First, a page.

Great year for wildlife, not so much for wildlife organisations

Wildlife dept strapped for cash, year sees ban on PCP guns, poacher surveillance and emphasis on animal rights

Asif Mehmood December 31, 2020


The year 2020 has been a formative period for the future of animal right movements in the Islamic Republic. From increased probes into acts of negligence and malpractice, to deliberations around building local animal sanctuaries, the last few months have seen significant strides in terms of wildlife protection and preservation in the country.

Yet however, where on one end, the year may have heralded a new dawn for the region’s wildlife, it has also proven to be financially exhausting for the very departments responsible for wildlife conservation.

Per details, the Punjab Wildlife Department has suffered a series of severe financial losses in the on-going year, many of which are owed to the global coronavirus pandemic. As a consequence of which, the department has remained unable to pay off contractors associated with various zoos and wildlife parks under its authority.

“The wildlife department’s primary job is to protect, breed and conserve endangered wildlife species. We are not a for-profit organisation, but we still rely on revenues to operate. These revenues come from licenses issued to zoos and wildlife parks, trophy hunting, shootings, breeding and various competitions. However, the coronavirus lockdowns this year, resulted in the cancellation of various trophy hunting and shooting competition in Punjab, which although spared the Aryals but costed thousands of dollars to the department in revenues,” informed a wildlife official.

According to sources, contractors supplying animal feed to several zoos, including Jallu Wildlife Park and Lahore Zoo Safari, have gone without receiving payments for months, owing to the wildlife department’s lack of funds. “These contractors are growing impatient by the day, and have now started threatening to cut off their supply if they are not paid soon enough,” the source revealed.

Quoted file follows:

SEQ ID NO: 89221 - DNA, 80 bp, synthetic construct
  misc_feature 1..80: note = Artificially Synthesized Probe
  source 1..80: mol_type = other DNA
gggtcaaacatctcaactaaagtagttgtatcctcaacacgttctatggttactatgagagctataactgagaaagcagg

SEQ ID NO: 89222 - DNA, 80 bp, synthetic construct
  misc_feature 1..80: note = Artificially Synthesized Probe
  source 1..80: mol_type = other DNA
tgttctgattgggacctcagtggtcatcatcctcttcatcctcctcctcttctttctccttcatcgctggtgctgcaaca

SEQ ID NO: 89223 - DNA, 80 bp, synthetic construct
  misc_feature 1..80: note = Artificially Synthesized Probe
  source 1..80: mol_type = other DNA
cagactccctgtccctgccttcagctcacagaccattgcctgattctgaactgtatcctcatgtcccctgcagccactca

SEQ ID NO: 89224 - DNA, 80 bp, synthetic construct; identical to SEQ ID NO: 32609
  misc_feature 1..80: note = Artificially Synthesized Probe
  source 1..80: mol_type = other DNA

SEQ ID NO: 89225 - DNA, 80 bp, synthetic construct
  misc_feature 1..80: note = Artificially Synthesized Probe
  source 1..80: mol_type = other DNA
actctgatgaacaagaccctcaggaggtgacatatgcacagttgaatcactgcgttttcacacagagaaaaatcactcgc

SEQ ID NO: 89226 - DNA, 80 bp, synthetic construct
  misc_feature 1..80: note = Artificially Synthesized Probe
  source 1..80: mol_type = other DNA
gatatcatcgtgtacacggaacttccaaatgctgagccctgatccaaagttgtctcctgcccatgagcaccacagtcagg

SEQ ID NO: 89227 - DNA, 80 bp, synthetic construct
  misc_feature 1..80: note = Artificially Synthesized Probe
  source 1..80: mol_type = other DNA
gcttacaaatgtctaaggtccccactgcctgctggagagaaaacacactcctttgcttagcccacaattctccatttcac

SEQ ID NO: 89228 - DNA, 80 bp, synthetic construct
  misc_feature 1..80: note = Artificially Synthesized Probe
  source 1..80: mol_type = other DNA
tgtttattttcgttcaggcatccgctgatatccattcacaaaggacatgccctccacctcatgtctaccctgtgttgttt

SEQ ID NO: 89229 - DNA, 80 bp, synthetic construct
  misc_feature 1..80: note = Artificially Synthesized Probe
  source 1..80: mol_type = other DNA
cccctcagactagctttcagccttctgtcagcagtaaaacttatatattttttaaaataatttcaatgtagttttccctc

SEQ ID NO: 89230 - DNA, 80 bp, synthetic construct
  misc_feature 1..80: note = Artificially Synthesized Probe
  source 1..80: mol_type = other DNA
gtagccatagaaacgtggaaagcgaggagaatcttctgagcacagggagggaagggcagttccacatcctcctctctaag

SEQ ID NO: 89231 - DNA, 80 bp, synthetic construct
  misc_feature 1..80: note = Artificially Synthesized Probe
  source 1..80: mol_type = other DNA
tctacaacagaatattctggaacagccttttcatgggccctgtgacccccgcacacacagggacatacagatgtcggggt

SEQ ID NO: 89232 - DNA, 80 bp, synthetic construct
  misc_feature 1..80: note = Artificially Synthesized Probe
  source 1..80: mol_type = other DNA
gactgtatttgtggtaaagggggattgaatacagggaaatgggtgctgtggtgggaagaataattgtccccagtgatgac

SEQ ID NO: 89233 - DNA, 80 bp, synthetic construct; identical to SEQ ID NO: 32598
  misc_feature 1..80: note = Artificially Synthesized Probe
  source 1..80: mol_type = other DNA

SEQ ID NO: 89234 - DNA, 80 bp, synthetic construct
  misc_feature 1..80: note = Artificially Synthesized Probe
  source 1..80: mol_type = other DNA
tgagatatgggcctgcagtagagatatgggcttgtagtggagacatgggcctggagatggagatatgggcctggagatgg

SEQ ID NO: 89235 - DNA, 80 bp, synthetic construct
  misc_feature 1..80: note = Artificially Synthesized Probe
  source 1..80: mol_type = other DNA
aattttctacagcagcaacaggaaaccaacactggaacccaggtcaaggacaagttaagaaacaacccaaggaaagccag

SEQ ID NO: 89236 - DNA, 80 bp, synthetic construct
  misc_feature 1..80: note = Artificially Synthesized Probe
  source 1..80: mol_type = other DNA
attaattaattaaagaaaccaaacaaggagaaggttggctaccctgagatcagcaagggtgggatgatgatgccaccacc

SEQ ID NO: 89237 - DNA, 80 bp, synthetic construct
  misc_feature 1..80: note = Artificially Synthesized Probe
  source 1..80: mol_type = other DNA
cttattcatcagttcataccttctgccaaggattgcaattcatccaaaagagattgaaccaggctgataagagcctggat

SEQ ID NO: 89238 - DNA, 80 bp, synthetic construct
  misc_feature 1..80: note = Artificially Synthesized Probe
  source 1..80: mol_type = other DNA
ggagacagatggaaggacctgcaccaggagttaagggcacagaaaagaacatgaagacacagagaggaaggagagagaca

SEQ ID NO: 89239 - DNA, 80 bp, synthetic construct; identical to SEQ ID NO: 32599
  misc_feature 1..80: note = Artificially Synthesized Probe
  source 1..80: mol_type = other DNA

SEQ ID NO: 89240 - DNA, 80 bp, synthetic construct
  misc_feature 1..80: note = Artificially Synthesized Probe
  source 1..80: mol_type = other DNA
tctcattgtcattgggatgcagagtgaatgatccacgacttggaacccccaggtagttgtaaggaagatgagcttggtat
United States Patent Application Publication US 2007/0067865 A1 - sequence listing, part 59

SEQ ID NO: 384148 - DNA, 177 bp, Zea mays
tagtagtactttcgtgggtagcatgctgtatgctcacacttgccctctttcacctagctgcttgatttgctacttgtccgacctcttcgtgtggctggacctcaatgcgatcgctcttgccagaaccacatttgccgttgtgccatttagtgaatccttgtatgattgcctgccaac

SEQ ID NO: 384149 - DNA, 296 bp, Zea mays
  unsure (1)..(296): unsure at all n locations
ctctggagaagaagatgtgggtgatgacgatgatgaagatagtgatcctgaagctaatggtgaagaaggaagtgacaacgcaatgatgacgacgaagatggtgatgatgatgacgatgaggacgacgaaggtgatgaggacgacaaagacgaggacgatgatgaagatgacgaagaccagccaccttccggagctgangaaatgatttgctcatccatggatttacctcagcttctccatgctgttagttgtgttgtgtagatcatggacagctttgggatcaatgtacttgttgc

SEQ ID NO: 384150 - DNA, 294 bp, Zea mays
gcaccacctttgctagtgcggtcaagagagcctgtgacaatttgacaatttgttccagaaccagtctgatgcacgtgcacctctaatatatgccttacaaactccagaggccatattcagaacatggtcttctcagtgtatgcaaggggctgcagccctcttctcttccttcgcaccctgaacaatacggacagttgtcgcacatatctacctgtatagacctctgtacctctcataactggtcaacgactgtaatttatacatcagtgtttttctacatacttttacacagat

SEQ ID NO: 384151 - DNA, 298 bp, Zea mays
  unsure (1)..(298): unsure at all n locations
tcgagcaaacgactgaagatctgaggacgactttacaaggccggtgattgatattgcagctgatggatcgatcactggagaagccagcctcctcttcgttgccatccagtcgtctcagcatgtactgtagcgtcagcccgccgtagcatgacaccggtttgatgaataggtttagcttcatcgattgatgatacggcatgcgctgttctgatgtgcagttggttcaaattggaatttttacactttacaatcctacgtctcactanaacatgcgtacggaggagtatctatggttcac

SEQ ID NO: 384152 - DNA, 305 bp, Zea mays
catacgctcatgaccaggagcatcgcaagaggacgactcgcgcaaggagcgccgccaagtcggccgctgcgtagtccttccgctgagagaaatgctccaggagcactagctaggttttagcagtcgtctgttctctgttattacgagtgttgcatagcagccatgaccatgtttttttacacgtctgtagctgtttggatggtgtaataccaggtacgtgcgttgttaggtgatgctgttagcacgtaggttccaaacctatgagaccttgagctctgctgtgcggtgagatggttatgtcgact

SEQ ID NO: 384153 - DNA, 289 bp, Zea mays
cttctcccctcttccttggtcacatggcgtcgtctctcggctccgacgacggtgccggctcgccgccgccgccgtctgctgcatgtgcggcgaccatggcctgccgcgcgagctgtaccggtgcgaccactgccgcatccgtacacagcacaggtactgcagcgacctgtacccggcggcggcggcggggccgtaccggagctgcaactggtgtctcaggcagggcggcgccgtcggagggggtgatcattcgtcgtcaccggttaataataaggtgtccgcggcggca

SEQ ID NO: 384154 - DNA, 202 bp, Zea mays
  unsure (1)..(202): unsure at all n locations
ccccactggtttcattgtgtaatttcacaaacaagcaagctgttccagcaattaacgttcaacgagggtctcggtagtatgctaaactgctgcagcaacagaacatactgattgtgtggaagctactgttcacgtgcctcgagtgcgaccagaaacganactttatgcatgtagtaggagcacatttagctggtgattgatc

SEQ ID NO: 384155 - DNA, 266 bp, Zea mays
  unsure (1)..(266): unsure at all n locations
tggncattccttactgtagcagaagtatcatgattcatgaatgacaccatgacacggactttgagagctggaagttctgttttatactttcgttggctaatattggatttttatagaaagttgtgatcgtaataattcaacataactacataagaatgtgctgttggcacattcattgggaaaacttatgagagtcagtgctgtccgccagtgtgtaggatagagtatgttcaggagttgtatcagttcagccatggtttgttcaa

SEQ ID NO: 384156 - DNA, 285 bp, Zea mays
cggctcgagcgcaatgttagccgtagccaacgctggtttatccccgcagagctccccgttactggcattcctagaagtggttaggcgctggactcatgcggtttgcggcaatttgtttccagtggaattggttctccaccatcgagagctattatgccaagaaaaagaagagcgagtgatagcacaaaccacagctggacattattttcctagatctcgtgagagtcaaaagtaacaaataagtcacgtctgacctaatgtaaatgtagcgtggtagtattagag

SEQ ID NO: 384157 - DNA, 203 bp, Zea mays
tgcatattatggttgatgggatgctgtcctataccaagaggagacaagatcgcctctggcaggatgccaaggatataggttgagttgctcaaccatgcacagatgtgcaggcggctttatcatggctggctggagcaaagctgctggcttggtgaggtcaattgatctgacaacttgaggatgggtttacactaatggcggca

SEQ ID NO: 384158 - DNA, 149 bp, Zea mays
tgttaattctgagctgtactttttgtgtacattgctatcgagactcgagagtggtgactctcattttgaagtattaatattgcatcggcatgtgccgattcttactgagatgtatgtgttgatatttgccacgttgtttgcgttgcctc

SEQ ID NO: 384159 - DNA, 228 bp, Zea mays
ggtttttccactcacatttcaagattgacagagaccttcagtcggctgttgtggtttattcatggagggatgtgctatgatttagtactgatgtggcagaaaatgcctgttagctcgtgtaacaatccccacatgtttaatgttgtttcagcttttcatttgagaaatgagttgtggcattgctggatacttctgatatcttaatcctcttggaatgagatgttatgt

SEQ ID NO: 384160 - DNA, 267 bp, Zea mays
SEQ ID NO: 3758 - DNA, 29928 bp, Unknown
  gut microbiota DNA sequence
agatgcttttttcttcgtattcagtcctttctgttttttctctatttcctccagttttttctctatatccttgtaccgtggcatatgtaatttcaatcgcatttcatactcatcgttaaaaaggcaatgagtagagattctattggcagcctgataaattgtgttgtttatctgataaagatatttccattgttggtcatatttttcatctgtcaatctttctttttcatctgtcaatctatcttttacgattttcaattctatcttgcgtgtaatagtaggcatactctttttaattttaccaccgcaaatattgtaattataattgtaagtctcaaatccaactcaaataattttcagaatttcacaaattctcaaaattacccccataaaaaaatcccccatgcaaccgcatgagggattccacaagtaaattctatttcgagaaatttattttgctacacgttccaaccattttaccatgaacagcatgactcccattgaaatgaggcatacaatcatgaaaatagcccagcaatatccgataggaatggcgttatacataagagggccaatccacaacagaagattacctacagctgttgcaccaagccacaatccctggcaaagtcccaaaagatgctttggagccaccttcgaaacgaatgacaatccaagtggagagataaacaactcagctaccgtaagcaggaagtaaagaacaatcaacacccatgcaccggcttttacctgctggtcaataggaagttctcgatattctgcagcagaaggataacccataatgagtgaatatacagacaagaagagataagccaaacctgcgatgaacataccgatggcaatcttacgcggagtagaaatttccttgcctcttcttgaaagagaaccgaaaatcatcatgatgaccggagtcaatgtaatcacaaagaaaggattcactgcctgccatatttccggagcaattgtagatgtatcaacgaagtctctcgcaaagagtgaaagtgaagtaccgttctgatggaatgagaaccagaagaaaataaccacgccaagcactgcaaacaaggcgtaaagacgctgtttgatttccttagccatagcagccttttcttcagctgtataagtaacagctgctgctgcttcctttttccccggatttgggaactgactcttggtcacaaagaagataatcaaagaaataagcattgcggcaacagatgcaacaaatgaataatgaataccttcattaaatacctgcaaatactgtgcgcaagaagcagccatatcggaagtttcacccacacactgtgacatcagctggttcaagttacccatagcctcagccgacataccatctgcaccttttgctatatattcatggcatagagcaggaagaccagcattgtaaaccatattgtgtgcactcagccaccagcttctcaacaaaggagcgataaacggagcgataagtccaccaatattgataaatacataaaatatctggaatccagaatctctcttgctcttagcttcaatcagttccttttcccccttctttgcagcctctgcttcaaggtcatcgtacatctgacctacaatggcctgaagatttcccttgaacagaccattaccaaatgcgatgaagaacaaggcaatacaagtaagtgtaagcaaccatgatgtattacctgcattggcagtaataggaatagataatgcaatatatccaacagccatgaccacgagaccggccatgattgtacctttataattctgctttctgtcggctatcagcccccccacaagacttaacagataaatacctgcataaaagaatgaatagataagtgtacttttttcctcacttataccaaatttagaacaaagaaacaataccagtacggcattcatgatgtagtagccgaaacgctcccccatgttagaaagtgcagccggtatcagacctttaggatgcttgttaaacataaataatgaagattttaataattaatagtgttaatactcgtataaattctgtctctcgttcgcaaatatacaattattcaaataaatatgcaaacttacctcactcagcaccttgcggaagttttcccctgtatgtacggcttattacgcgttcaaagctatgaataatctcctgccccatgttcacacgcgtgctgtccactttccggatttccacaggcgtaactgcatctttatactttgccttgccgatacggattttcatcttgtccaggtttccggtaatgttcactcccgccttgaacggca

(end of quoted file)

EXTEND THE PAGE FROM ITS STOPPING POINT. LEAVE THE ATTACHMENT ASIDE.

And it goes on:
Resultantly, the Punjab Wildlife Department has decided to increase the entry fee for its zoos, with hopes that it would help cover some of the department’s financial deficit. Starting January 2021, zoo ticket prices will be increased from Rs20 to Rs50 for children, whereas adults be required to pay Rs100 instead of the previous Rs40 for entry into the facility.

Speaking in the same vein, Zoo Director, Chaudhry Shafqat Ali, claimed that year 2020 has also been particularly taxing for the Lahore Zoo, which is an autonomous organisation, responsible for bearing its own expenses. “Our facility remained closed for several months during the peak of the coronavirus pandemic. Later when we reopened, we could only allow a limited number of people and had orders to curb group visits. This severely affected our finances, leaving the zoo to tap into its reserve funds to make end s meet.”

Despite the financial restraints, the director said that the park’s animals have seen remarkable growth in 2020. “As a silver-lining in the dark cloud of coronavirus restrictions, our white tigers, for the first time, were able to find the privacy to produce cubs. Our animal mortality rates have also been at a record low compared to previous years, which is also a great tiding,” commented the director.

Punjab Wildlife Honorary Game Warden Badar Munir, addressing the same issue, said that where the department has been in strained circumstances, 2020 has seen various steps towards wildlife conservation. The department increased its vigilance on poachers, which reportedly resulted in a decrease in poaching activities and an increase in fines.

Last year, Rs18 million were received by the department in fines, whereas this year, despite a drop in poaching, the department was able to collect Rs26 million. “Our year’s biggest achievement however, was the Punjab Wildlife Board meeting, convened on September 16, after 18 years.

Published in The Express Tribune, December 31st, 2020.


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